Prince Charles ends trip with visit to Corrymeela Centre

Northern Ireland’s oldest peace and reconciliation centre works with victims of violence on all sides

Prince Charles  and  the Duchess of Cornwall  at the  Corrymeela Centre in Ballycastle, Co Antrim. Photograph: Paul McErlane/EPA

Prince Charles and the Duchess of Cornwall at the Corrymeela Centre in Ballycastle, Co Antrim. Photograph: Paul McErlane/EPA

 

The Prince of Wales has said Northern Ireland should not be imprisoned by its history.

Prince Charles visited Northern Ireland’s oldest peace and reconciliation centre yesterday at the conclusion of a trip which has been all about healing past wounds.

The daughter of Lord Mountbatten – the prince’s great uncle who was killed by the IRA in 1979 on a boat off the west coast of Ireland – has supported the Corrymeela Centre in Ballycastle on the dramatic north coast for years in its work with victims of violence on all sides.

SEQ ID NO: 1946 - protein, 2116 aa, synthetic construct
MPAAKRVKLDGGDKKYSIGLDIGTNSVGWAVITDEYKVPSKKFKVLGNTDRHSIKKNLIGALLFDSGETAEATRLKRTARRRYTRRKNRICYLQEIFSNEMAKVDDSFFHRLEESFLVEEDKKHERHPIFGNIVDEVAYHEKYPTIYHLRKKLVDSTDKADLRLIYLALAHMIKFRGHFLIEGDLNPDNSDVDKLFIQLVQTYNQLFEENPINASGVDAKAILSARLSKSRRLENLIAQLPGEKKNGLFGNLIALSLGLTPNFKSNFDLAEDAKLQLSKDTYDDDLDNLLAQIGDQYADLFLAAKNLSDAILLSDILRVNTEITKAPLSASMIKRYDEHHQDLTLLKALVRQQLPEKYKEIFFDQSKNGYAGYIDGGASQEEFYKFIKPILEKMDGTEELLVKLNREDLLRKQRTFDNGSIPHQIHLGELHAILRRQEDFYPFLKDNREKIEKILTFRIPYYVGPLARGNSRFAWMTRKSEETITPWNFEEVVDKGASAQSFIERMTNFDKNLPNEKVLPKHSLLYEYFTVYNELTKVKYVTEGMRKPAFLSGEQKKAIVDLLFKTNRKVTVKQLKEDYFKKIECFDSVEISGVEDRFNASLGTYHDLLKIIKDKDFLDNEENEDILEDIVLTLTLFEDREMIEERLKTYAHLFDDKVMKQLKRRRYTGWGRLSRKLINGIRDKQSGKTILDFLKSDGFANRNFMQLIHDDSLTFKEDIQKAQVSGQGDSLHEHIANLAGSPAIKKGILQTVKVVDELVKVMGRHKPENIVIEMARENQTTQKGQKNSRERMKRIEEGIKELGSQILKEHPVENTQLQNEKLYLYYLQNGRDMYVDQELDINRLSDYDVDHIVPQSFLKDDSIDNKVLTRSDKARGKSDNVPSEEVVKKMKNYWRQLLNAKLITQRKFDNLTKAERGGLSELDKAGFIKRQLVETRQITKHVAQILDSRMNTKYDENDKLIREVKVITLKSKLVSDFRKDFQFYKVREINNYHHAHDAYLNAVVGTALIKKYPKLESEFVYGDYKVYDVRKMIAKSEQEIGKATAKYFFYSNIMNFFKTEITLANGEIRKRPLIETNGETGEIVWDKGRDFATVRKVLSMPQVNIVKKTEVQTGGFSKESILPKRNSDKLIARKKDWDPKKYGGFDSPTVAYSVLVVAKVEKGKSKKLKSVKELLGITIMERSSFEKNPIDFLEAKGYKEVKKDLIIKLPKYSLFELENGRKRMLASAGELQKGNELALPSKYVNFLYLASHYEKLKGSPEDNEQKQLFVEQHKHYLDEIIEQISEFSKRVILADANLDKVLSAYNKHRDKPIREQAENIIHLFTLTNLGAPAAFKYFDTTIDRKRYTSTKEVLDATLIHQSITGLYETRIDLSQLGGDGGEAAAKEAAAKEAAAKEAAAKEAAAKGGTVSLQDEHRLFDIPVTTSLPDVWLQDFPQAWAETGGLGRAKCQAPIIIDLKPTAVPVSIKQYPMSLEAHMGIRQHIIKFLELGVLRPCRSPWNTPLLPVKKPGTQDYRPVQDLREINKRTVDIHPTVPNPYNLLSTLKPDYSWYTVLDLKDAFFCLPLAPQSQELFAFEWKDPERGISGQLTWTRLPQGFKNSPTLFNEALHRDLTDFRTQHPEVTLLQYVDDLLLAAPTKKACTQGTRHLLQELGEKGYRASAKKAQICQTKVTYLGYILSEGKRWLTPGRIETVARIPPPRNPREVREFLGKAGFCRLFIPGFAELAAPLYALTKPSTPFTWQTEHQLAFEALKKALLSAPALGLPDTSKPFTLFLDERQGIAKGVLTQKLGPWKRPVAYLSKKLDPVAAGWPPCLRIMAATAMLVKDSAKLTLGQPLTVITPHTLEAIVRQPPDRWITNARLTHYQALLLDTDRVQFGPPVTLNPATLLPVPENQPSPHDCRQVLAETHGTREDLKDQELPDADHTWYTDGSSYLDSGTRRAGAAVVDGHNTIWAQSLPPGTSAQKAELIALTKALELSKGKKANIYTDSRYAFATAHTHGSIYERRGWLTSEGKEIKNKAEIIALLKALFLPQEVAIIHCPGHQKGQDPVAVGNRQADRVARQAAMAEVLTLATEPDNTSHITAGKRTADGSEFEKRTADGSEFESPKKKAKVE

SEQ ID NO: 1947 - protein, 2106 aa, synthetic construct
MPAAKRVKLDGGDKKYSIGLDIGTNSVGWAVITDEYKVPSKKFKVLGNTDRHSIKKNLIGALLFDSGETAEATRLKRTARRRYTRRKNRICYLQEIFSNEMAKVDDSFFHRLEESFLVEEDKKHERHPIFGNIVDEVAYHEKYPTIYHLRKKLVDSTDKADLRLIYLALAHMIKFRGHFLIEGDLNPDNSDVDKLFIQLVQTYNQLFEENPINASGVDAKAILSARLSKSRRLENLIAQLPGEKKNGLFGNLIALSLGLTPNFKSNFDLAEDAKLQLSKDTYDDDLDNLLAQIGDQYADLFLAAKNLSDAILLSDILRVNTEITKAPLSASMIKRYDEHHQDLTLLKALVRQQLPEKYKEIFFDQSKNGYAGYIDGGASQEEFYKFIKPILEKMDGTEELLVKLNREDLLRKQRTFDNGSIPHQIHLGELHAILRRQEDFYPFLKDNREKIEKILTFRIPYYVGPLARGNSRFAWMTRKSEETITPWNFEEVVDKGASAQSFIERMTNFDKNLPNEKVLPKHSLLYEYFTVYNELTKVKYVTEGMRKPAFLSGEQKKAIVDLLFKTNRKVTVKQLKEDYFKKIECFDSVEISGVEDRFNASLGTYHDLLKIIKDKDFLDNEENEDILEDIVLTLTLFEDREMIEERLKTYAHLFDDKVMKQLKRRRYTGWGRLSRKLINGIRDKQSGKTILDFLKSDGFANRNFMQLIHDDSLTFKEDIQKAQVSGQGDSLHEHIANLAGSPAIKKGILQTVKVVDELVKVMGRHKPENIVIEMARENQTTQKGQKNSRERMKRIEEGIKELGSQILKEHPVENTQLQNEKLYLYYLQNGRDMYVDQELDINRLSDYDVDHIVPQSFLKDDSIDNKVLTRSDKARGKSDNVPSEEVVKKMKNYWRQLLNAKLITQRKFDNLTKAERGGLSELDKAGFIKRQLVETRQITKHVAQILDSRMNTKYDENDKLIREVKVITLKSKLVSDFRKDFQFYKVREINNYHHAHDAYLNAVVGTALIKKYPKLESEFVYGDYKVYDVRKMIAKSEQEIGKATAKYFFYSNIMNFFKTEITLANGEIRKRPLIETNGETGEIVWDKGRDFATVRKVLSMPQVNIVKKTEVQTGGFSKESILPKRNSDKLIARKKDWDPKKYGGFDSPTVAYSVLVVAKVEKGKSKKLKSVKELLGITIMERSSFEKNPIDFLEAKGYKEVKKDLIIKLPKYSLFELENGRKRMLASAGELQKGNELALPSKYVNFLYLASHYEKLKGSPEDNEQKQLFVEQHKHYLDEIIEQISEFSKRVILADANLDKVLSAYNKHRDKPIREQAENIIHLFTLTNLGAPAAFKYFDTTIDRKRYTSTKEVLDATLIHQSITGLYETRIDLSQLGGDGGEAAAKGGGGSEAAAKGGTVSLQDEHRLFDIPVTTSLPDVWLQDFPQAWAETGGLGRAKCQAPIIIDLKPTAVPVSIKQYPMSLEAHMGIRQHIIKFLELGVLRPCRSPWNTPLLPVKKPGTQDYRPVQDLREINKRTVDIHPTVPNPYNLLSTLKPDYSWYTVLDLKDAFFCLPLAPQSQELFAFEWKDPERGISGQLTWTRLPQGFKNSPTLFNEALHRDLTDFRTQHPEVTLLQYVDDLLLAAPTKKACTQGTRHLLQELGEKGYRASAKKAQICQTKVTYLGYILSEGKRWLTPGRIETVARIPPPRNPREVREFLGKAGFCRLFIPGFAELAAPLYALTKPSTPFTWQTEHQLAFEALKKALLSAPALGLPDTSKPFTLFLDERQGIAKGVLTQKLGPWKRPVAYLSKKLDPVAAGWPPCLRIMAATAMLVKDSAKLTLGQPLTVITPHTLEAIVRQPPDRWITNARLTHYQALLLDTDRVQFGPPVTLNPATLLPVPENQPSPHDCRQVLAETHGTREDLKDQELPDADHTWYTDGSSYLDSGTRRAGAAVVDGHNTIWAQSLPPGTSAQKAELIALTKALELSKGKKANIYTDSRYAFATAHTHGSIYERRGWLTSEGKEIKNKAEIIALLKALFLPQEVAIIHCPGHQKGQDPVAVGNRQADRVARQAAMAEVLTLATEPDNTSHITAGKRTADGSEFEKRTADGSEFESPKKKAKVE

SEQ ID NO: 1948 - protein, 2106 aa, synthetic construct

“We have all suffered too much, too many people’s loved ones have been killed or maimed,” said Prince Charles. “Surely it is time, as I said in Sligo, that we became the subjects of our history and not its prisoners.

“Surely, too, in the roots of Corrymeela, we can discover lessons that can serve as a model to all who strive for peace and reconciliation.”

Corrymeela was founded by Ray Davey, whose experience of suffering as a prisoner of war inspired him to wrestle with the question of building community amid conflict.